Researchers at the National Oceanic and Atmospheric Administration (NOAA) and the University of Arizona recently released findings from tidal data collected over a two year period (2009-2010). The central conclusion of the data is this: New England sea levels are rising more rapidly than anticipated.
Although the study most likely represents a peak in data and not a permanent rise, the findings are still being held as significant. The study found that over a two year period, Northeast waters rose on average 3.9 inches with the steepest rise of 5 inches taking place in Casco Bay, off the coast of Portland, Maine. The report attributes the sharp rise to warming ocean temperatures. This conclusion builds upon the initial findings of a more long-term study undertaken by the Gulf of Maine Research Institute. This study indicates that the waters of the Gulf of Maine are warming faster than 99 percent of the world’s oceans. (An informative discussion of the impacts of this trend on both marine life and fisheries can be found here.)
All of these figures come at a time when the Federal government is instituting a suite of new policies aimed at addressing sea level rise.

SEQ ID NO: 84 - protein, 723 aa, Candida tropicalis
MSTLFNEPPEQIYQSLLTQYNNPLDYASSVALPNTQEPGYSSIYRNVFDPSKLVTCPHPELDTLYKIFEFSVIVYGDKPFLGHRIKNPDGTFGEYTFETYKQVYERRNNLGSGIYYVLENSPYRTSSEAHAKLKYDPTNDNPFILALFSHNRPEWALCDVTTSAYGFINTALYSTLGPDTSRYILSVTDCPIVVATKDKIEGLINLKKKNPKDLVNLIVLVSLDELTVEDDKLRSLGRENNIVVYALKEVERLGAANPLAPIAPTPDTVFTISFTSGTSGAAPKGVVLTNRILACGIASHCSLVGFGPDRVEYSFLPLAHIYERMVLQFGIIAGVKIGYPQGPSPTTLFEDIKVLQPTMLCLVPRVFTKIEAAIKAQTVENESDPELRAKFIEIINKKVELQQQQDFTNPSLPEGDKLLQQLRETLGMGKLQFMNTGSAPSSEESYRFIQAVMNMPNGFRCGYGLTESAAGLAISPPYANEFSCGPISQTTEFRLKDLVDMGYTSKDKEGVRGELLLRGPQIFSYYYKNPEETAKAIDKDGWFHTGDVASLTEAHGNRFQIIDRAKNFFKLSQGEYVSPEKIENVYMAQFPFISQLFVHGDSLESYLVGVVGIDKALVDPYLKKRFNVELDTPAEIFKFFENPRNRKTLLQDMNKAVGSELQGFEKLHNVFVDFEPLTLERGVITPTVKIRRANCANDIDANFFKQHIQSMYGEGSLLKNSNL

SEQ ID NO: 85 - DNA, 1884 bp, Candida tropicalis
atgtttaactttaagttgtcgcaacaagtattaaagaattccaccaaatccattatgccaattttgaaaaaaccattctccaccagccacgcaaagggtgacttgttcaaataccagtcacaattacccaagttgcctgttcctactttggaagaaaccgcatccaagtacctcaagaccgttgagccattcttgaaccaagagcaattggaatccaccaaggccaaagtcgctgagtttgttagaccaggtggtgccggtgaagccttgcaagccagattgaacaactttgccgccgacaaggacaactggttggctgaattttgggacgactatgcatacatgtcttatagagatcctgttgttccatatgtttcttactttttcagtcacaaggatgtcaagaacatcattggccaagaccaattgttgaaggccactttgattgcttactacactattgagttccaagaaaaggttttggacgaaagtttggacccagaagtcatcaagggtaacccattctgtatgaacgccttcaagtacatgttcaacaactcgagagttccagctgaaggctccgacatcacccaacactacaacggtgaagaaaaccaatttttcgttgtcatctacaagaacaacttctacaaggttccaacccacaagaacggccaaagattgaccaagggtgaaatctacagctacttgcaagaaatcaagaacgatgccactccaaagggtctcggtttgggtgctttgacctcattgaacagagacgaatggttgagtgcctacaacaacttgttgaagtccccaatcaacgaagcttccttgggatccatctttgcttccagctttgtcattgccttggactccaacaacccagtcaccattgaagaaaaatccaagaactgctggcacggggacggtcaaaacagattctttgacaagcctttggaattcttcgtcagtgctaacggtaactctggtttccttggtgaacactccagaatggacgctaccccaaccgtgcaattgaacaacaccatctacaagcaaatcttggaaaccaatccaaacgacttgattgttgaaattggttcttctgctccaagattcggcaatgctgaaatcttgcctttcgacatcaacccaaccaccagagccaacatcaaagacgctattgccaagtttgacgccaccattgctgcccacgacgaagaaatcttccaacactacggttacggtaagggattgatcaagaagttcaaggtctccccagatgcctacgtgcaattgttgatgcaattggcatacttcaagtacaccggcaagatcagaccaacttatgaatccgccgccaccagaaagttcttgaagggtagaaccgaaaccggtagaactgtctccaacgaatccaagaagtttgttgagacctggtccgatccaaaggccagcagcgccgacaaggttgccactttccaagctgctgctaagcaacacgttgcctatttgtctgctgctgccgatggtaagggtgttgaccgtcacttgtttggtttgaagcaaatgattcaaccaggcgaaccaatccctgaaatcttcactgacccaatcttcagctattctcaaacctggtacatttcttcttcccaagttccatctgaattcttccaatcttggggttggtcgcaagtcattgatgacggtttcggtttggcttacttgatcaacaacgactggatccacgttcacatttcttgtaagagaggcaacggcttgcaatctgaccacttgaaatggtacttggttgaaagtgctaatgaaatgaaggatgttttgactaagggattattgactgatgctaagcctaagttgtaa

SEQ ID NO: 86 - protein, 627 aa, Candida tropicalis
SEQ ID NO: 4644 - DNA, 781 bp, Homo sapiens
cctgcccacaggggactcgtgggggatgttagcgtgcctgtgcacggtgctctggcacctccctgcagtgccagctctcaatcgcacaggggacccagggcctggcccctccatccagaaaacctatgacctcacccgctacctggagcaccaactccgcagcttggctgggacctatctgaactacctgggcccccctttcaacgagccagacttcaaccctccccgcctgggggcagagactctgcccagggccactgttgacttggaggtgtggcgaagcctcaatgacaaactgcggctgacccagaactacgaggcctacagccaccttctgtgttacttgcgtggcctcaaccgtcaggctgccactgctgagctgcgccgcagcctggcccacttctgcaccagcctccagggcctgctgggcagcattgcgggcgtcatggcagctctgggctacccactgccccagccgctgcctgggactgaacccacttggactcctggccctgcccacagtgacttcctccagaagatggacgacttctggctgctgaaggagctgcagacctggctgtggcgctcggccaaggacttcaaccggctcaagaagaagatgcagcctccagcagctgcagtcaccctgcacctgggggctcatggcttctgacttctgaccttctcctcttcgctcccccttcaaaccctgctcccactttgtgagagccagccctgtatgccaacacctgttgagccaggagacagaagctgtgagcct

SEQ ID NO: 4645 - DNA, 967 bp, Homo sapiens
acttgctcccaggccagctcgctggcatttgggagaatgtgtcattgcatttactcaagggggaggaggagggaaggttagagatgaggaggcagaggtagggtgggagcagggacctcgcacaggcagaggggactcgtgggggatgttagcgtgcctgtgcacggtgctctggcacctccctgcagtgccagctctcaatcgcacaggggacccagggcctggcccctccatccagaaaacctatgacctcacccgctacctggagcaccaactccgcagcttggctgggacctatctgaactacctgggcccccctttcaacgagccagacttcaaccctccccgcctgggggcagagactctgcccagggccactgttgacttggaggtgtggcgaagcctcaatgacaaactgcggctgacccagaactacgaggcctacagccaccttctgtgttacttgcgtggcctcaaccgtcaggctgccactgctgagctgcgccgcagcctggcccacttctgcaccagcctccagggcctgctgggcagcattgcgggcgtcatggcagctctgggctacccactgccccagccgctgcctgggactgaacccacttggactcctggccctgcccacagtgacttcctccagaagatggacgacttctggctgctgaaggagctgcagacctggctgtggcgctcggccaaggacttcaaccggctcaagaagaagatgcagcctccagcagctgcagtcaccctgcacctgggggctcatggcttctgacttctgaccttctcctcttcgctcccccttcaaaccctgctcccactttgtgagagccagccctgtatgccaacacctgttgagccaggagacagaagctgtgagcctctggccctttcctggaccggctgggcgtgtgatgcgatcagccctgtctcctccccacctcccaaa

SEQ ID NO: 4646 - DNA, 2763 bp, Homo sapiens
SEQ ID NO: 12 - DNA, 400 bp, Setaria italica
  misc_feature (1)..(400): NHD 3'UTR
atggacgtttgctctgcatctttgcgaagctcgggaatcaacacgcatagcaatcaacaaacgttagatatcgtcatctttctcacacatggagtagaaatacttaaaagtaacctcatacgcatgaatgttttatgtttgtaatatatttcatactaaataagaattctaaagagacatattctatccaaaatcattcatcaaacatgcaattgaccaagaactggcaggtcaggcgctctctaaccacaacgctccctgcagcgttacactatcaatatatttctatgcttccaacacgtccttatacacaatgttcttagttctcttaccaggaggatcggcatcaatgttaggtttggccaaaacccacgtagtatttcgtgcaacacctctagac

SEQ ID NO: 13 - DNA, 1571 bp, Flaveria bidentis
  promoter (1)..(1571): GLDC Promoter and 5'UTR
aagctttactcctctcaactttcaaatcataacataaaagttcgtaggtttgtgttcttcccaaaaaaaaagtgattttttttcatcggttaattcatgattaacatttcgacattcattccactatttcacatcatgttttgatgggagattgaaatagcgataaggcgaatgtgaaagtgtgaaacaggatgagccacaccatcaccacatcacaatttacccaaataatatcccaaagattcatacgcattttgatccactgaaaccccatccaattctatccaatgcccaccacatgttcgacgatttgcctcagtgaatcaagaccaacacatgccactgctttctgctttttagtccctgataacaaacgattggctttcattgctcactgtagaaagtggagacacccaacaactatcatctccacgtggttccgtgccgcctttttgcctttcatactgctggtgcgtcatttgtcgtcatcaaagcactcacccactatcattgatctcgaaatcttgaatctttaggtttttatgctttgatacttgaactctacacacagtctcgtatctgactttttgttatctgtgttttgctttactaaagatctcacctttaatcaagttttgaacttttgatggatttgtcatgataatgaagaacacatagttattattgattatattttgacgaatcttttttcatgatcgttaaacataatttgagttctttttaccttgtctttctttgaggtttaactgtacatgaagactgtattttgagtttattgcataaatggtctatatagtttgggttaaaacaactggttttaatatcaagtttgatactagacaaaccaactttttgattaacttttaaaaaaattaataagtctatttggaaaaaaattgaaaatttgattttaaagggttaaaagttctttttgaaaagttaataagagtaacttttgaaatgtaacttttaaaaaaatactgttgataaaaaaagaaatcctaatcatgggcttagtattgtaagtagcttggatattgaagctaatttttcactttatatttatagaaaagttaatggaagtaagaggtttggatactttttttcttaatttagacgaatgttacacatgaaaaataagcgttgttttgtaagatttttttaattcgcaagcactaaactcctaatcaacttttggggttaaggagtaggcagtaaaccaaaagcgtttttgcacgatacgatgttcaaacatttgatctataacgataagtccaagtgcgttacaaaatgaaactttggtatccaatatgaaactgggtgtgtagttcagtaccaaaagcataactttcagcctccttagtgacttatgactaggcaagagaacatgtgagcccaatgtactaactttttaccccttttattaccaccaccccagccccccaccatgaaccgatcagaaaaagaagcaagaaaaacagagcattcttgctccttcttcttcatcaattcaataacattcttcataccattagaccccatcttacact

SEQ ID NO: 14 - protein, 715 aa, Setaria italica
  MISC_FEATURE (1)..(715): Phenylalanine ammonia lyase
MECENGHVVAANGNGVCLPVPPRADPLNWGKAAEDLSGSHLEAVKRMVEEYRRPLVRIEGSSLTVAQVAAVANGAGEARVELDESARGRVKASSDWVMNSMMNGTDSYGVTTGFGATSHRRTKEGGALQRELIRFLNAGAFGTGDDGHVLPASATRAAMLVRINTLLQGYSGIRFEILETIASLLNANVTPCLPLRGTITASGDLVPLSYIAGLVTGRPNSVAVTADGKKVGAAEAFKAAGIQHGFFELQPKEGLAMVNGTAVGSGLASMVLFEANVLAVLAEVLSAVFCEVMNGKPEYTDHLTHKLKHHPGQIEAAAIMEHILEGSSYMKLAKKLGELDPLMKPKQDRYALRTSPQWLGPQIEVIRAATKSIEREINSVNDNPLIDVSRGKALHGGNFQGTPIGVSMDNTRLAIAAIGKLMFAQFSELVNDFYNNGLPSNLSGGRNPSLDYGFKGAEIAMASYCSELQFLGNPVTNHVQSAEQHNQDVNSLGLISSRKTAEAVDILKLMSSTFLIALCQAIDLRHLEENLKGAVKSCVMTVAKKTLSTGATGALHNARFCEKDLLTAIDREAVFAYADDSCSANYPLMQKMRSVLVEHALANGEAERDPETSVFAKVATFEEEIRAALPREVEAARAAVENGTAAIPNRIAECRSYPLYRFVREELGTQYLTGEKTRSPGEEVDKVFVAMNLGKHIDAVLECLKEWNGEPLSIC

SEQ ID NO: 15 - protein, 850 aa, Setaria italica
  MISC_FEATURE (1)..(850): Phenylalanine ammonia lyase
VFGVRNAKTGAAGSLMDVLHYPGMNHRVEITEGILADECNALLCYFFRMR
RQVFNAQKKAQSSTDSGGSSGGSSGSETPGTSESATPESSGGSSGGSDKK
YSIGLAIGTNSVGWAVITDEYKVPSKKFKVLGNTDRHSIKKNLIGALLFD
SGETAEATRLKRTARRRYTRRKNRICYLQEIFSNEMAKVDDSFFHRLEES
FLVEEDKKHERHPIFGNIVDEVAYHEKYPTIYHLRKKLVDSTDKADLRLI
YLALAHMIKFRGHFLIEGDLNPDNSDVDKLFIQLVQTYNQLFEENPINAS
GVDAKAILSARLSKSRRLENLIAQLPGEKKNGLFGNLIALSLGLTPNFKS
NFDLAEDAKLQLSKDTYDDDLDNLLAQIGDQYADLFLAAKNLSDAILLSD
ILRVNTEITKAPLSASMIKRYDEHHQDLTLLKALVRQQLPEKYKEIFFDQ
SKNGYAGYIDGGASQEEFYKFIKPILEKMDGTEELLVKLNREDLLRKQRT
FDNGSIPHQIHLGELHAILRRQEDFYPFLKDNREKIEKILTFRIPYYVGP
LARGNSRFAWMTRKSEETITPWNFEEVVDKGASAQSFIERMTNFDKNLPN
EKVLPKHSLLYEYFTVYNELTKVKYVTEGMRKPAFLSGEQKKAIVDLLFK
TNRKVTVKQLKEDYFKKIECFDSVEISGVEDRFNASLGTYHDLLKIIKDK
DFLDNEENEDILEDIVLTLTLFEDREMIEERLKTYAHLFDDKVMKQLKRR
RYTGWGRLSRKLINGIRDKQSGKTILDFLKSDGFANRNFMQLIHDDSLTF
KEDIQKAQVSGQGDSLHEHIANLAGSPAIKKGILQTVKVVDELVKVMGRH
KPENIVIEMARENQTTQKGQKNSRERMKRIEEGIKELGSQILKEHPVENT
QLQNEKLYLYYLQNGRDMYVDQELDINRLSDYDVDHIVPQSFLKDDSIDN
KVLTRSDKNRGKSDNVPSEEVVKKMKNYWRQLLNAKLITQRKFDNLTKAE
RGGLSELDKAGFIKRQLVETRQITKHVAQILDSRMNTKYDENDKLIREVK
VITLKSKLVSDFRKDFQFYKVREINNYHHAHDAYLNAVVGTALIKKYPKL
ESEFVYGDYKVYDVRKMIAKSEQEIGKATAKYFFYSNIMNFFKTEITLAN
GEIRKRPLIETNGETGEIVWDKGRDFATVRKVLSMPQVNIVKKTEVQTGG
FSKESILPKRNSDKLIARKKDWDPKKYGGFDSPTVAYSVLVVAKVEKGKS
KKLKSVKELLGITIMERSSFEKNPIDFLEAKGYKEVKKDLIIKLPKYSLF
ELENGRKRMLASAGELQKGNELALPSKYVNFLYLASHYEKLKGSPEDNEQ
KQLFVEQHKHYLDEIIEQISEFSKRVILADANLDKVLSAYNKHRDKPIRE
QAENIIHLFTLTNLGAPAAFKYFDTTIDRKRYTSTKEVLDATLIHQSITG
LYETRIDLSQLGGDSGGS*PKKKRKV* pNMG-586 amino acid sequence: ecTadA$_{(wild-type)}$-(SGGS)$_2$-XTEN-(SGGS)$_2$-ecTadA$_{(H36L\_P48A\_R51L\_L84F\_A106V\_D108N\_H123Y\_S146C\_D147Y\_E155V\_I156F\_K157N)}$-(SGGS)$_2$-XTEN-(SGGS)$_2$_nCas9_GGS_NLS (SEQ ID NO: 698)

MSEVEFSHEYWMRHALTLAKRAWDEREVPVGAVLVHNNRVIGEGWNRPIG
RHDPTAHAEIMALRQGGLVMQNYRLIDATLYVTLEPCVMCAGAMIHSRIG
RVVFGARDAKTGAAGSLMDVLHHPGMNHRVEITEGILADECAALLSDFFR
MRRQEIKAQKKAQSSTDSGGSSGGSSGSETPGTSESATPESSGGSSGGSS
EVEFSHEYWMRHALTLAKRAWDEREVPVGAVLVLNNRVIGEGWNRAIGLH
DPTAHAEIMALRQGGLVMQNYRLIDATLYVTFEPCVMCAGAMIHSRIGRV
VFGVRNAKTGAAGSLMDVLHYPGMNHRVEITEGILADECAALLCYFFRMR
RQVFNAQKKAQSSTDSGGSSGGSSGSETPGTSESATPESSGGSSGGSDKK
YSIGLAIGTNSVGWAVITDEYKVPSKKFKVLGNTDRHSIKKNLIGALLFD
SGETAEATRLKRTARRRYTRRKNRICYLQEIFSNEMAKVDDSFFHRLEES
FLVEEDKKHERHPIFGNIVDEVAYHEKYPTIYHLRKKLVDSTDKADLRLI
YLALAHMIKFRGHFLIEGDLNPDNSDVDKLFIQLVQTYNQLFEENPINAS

- In September of 2014, the Federal Emergency Management Agency (FEMA or Agency) released draft guidelines that require state disaster preparedness plans to account for and “assess future risk in light of a changing climate” before plans can yield Agency funding. If the guidance is eventually adopted into regulation, in theory, FEMA could reject state plans that do not consider climate change resulting in withholding millions of dollars in federal funding. The political implications of the guidance are intriguing given that many traditionally right-leaning states are situated in locations prone to natural disasters.
- In January of this year, President Obama also issued an executive order establishing a Federal Flood Risk Management Standard. This standard (inspired by Superstorm Sandy), would be applied when federal funds are used to build, or significantly retrofit or repair, structures and facilities in and around floodplains following a natural disaster. If finalized as a regulation, this standard could have a far-reaching impact. In effect, it seeks to ensure structures are resilient, safer and long-lasting which in turn impact how individuals can—or more importantly, cannot—rebuild following natural disasters.